While there is substantial evidence that market valuations and fundamentals are not supportive of asset prices at current levels, investor psychology has likewise reached extremes. In such an environment, investors need to shift focus to momentum based strategies. This is because the most common explanation for profitability of both momentum and trend-following strategies has to do with behavioral factors such as anchoring, herding, and the disposition effect.

Fundamentally based investors are slow to react to new information (they anchor), which initially leads to under-reaction but eventually shifts to over-reaction during late cycle stages.

The other inherent problem of primarily data-based investors is the "herding" effect. As prices move higher, valuation arguments lose relevance. However, the need to produce investment performance in a rising market, leads to "justifications" to explain over-valued holdings. In other words, buying begets more buying.

Lastly, as the markets turn, the "disposition" effect takes hold and winners are sold to protect gains, but losers are held in the hopes of better prices later. The end effect is not a pretty one.

By applying momentum strategies to fundamentally derived investment portfolios it allows the portfolio to remain allocated to rising markets while managing the inherent risk of behavioral dynamics.

This is why, despite the fact that I write like a "bear," the portfolio model has remained allocated like a "bull" during the markets advance. The point is simple, our job as investors is to make money when markets are rising. We can debate the valuation metrics and argue with each other why markets should not be rising, and eventually those arguments will be correct. However, for now markets are rising, and we need to participate until the trends change to the negative. Of course, if your current portfolio management philosophy does not have a method to understand when "trends" have changed, how will you know when it is time to step away from the poker table?"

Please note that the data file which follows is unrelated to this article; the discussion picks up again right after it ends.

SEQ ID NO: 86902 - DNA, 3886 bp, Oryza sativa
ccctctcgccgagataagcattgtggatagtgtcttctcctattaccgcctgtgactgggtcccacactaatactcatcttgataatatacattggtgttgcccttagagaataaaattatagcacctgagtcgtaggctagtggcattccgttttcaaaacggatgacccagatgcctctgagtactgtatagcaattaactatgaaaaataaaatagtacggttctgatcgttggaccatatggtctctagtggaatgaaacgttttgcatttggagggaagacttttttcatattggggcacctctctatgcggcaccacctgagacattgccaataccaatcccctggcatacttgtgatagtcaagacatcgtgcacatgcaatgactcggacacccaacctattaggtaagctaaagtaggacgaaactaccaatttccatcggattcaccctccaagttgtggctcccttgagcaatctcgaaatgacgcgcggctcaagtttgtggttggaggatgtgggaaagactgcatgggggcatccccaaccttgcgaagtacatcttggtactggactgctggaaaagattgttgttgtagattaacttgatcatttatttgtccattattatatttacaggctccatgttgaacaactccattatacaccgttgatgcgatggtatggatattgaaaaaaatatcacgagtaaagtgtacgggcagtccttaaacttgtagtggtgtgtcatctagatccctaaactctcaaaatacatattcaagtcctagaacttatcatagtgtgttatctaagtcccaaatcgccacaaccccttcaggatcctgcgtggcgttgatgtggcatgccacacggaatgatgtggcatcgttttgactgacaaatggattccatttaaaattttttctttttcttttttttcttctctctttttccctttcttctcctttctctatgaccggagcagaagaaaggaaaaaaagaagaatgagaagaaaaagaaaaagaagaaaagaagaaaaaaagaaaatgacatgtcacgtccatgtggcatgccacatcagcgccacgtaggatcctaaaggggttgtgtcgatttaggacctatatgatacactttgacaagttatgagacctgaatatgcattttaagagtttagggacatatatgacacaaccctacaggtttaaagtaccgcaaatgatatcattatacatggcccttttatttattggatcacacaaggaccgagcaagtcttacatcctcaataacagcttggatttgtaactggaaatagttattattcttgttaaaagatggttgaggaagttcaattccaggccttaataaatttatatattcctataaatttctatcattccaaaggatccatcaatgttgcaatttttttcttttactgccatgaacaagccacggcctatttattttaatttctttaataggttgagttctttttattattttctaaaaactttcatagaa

The chart below shows a basic momentum model of the S&P 500 going back 50-years.


Following a basic momentum structure would have kept investors out of the majority of harm's way during market declines and captured the majority of market advances. However, it is worth noting that while not every signal was perfect, the majority were and would have created substantial outperformance over any given period.

Currently, there are some very early warning signs that momentum is deteriorating. However, I will cover this more in detail in the sector analysis another time.

For now, the bull trend and momentum remain intact. Again, that is for now. Things will change and being extremely complacent in this market environment is a potential recipe for disaster.

Stay tuned. I think the next couple of weeks could be a bit more interesting.

Have a great week.

Disclaimer: All content in this newsletter, and on Streettalklive.com, is solely the view and opinion of Lance Roberts. Mr. Roberts is a member of STA Wealth Management; however, STA Wealth Management does not directly subscribe to, endorse or utilize the analysis provided in this newsletter or on Streettalklive.com in developing investment objectives or portfolios for its clients. Please read the full disclaimer at the bottom of this report.